To a guy like me, "Flash" means only two things. One is something you're not supposed to do at a sporting event and the other has the word "Gordon" at the end. As soon as I Googled "Flash," however, I found out more than I wanted to know.
Al Fasoldt's reviews and commentaries, continuously available online since 1983

T e c h n o f i l e
How to save YouTube 'Flash' videos the easy way

May 27, 2007

By Al Fasoldt
Copyright © 2007, Al Fasoldt
Copyright © 2007, The Post-Standard

   I knew I was in trouble when a friend asked me to grab a video off YouTube and put it on a DVD so he could show it at a meeting.
   YouTube? Were grownups -- grandfathers, yet? -- allowed to drop by at the YouTube site and look at any of the videos? Wasn't it just for 11-year-olds?
   So I peeked. Cute site! Interesting videos! And not just for kids, as I could see right away.
   But my confidence fell to the floor when I tried to save the video my friend told me about. I right clicked on it. Left clicked. Double clicked. Control-half-nelson clicked. All I ever got was a polite little message about Flash.
   To a guy like me, "Flash" means only two things. One is something you're not supposed to do at a sporting event and the other has the word "Gordon" at the end. As soon as I Googled "Flash," however, I found out more than I wanted to know.
   First, Flash is a video format, a way of storing and transmitting movies and video clips. That's nice. But, ugh, what happened to the idea of letting common folks download stuff? Flash videos are non-downloadable. Or at least they're supposed to be non-downloadable.
   Ahem. The grownups who came up with Flash forgot about the 14-year-olds who came up with cleverness. So I asked a passing 14-year-old if Flash videos could be downloaded and saved to my hard drive and he said, "Pffft." Which I think is 14-year-oldese for "Are you kidding me? Where you been, dude? Just get one of those downloaders from a hacker site and do it."
   So that's what I did. I'd be happy to tell you all about it, but you wouldn't be happy to hear all about it. Getting Flash videos was easy, but dealing with them once I had them was a nightmare. I downloaded and installed 28 programs before I found one or two that did a good job converting my downloaded Flash videos to something I could play on both a computer and an iPod.
   So let me tell you the good part. I'll start with a quick explanation.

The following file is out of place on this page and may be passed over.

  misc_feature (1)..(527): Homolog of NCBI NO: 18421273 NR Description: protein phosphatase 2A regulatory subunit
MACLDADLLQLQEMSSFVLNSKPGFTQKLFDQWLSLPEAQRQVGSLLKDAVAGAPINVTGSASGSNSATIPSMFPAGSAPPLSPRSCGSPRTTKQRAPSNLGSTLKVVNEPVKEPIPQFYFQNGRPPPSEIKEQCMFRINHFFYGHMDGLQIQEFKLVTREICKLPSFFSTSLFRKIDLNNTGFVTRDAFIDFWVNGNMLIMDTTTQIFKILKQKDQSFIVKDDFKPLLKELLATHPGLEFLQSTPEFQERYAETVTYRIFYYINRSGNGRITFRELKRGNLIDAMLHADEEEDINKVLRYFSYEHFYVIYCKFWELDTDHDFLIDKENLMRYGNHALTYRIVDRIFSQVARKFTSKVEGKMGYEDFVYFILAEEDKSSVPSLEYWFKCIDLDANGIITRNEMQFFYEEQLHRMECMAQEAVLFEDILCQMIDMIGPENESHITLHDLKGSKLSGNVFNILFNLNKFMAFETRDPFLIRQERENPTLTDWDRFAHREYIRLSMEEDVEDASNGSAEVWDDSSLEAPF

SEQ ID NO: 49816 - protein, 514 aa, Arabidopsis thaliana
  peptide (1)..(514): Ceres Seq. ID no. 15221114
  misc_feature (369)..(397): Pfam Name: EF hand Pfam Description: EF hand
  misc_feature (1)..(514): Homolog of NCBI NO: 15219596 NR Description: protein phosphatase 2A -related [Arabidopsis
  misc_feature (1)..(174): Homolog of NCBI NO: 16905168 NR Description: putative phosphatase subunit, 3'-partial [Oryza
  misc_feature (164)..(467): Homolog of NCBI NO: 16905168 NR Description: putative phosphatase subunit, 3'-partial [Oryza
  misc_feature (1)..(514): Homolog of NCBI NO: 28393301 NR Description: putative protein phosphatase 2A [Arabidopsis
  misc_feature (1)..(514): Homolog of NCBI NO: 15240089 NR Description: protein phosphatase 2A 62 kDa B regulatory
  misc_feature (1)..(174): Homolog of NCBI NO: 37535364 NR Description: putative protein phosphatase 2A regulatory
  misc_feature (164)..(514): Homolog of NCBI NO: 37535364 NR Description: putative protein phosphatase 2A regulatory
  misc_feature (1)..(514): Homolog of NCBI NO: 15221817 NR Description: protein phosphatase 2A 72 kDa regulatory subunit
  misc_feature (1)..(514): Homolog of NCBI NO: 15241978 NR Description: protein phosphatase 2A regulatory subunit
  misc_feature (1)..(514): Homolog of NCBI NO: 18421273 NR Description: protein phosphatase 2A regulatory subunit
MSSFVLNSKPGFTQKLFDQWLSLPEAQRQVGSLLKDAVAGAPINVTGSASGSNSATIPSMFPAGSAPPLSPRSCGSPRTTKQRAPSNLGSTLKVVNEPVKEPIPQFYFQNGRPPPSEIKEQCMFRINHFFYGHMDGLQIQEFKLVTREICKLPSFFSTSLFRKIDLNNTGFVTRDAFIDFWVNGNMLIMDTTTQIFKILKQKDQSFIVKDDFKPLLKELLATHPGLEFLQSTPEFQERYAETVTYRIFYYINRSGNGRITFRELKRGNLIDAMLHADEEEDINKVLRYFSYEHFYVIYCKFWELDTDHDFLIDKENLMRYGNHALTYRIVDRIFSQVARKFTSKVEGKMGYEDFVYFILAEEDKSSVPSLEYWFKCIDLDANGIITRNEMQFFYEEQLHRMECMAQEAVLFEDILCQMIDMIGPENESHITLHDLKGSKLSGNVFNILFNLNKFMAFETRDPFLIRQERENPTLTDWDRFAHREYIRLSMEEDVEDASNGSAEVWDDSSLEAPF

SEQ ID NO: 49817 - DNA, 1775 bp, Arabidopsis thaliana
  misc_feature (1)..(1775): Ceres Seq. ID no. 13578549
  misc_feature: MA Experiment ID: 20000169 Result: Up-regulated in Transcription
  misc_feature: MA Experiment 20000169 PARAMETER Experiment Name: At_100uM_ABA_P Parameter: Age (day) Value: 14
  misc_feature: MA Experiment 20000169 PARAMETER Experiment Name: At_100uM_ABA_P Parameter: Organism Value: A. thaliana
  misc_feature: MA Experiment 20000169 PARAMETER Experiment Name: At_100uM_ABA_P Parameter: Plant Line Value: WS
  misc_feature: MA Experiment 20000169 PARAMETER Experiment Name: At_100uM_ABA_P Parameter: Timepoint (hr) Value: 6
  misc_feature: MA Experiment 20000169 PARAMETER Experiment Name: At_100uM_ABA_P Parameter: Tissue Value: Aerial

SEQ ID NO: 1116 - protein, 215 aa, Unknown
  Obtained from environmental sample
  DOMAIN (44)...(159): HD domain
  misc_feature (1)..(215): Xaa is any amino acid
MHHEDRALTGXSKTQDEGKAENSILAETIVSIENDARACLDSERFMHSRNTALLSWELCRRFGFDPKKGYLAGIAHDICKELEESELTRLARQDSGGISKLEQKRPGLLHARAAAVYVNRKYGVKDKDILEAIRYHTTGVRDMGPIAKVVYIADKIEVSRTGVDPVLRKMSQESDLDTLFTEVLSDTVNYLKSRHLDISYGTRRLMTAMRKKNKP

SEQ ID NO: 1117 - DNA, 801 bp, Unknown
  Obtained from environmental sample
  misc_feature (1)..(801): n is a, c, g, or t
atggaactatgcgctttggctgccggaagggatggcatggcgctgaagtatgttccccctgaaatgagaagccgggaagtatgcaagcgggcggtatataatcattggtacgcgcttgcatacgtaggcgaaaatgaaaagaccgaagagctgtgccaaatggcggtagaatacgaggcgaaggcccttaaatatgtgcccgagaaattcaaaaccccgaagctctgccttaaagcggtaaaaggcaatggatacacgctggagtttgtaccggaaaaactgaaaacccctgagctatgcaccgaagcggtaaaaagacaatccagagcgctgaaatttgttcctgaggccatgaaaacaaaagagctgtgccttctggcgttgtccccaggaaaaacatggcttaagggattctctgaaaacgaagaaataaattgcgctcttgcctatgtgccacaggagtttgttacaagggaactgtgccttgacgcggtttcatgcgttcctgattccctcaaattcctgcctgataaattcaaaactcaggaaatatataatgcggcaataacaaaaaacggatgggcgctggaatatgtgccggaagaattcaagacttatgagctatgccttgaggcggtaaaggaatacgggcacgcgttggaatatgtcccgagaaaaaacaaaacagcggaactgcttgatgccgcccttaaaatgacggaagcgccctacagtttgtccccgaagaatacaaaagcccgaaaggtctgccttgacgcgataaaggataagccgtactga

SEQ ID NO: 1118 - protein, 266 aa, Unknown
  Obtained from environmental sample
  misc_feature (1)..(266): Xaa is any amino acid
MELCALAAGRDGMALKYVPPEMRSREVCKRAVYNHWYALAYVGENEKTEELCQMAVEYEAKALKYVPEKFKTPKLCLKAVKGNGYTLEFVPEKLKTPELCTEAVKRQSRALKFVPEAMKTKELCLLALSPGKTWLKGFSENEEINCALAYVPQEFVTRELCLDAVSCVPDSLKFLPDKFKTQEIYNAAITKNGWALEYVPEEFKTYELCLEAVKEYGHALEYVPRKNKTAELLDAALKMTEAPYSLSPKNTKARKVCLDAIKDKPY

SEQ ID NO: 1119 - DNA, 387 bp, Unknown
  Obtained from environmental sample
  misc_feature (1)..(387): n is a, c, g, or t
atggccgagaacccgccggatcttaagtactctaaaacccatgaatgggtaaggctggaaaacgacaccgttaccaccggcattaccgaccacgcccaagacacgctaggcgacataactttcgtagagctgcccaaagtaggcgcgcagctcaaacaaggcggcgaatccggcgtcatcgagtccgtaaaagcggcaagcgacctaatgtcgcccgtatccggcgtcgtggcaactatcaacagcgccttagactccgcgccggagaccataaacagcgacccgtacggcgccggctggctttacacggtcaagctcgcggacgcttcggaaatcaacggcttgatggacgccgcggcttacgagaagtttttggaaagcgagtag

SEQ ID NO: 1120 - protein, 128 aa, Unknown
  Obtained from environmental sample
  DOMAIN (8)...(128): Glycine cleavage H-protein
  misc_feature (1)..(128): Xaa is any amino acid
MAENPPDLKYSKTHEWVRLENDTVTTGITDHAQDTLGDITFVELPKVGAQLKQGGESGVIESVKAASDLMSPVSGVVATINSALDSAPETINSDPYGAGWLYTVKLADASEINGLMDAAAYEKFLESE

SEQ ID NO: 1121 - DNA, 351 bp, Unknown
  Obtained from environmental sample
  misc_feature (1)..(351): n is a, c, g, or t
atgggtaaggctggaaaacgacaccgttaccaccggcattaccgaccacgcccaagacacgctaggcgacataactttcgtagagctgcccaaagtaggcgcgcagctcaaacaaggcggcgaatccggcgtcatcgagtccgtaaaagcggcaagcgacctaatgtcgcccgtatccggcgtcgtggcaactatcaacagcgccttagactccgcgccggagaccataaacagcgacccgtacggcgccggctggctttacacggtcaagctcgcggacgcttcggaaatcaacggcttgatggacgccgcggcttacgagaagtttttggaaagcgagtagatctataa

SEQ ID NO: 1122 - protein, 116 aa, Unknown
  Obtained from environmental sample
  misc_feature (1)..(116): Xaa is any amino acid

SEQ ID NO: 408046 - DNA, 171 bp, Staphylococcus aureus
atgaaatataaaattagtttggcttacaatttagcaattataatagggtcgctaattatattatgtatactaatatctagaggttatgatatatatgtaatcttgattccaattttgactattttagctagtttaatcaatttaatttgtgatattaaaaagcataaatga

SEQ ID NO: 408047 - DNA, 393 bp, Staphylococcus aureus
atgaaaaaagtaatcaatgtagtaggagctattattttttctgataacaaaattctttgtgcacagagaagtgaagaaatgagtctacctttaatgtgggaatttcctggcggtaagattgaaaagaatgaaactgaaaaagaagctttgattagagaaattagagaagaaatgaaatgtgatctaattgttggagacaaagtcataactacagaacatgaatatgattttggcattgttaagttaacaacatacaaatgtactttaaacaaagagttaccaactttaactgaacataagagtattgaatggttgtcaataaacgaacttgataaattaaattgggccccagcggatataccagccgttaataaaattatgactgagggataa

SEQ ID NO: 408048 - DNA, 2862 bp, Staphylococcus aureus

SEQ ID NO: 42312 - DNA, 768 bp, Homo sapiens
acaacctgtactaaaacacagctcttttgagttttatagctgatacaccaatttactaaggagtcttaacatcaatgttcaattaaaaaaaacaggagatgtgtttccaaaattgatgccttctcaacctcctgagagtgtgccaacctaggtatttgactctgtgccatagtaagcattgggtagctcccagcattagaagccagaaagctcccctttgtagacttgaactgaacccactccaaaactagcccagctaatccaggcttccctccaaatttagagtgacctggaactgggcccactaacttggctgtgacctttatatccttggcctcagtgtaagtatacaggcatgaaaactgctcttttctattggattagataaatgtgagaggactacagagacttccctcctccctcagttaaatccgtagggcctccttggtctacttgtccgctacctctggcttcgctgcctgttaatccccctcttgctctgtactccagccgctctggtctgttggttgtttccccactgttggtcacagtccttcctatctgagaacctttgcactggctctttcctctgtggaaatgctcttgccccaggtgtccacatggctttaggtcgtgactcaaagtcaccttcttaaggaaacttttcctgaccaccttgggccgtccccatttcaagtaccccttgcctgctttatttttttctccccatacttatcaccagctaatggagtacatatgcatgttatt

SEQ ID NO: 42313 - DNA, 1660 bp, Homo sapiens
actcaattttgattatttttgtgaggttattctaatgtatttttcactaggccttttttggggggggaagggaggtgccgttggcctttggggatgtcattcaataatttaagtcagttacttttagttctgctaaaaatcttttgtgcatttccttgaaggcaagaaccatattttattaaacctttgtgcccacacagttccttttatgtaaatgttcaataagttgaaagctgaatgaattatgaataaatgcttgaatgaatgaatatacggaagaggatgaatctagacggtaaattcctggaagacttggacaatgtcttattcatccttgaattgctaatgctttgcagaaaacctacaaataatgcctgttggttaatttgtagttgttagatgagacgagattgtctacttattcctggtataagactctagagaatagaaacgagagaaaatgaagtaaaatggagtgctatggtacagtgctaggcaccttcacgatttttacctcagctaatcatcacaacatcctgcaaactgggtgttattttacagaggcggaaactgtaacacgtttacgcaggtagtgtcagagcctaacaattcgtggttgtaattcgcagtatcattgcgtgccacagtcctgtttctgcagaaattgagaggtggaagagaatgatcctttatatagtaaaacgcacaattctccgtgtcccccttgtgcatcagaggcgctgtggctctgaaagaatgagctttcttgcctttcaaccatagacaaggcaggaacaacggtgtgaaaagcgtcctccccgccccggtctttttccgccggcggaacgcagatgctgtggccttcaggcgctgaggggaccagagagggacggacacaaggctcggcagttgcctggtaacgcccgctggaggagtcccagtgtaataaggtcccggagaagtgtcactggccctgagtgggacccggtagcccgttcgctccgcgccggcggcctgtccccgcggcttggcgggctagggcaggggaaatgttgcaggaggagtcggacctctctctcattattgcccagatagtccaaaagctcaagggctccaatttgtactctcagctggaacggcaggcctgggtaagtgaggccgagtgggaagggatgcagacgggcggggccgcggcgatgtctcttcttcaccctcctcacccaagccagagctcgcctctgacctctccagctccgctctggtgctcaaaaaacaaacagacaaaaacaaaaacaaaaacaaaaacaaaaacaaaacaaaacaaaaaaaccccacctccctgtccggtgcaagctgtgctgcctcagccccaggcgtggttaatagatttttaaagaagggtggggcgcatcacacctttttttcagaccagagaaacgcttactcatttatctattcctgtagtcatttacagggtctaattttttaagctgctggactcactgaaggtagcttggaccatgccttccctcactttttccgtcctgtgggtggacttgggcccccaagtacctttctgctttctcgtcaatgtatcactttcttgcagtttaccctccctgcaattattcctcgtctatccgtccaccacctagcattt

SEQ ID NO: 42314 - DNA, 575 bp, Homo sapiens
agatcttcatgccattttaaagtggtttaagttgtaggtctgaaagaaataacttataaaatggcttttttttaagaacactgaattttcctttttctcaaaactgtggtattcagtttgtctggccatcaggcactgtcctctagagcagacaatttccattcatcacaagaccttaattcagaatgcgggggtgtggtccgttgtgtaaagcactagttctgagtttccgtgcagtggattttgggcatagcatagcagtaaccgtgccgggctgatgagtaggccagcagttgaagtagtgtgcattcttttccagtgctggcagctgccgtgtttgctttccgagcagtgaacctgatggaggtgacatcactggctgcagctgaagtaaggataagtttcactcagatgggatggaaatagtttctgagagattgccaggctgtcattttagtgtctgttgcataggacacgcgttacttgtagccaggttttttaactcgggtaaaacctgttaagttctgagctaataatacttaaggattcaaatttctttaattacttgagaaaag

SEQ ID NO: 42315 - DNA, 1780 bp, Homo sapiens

I did all this on my Windows PC. The software I'll tell you about is Windows software. Later, I did the same thing on my Mac for comparison, and you can read what took place on my blog. Go to http://blog.syracuse.com/technofile to read all about the Mac side of things. (Here's a one-sentence teaser: One of the two computers made everything easy.)
   Making an end-run around the no-download nature of streaming Flash videos was easy. I used the free Moyea FLV Downloader, from www.flvsoft.com. You simply type the Web address of the Flash video into the FLV Downloader's form, and you have it on your hard drive a few minutes later. This was easier than I thought it would be, because all I had to do was click on a video on YouTube. After my browser started showing the video, I copied the address from the browser's address line and pasted it into FLV.
   Then came the hard part. I didn't want to save Flash videos as Flash videos. I wanted to convert them to something that was easy to play. My choice: iPod videos, which can be played on an iPod and on any Windows or Mac computer that has Apple's free iTunes installed, and DVD, which can be played on any computer or TV (as long as you have a DVD player -- and who doesn't these days?).
   (In fact, I had to make a DVD from the Flash video my friend wanted. DVD, of course, is the universal video medium. Everybody can play it.)
   The quest for conversion software left me exhausted. The problem lay not in Windows itself but in the difficulty I had finding legitimate, high-quality software. Most of the video-conversion programs I found came from overseas grab-your-money-and-run Web sites. In nearly every case, the software itself was poorly written, and the information screens sometimes showed no familiarity with English as a spoken language.
   But two programs stood out.
   I preferred Ipod Video Converter For Free, from www.koyotesoft.com/indexEn.html. I liked the interface, modeled after an iPod, and everything worked as advertised. The software is actually free, too; there's no pitch for a paid version.
   I also liked Magic Video Converter, from www.magic-video-software.com. It's only $20 -- a genuine bargain. It handles a dozen video formats, is easy to use and very fast. Converting to and from Flash was simple.
   An explanatory note: Downloading "non-downloadable" Flash videos isn't against the law and it isn't sneaky. Web sites like to show "non-downloadable" videos to keep your eyes on their advertising. You're free to grab those videos for your own collection.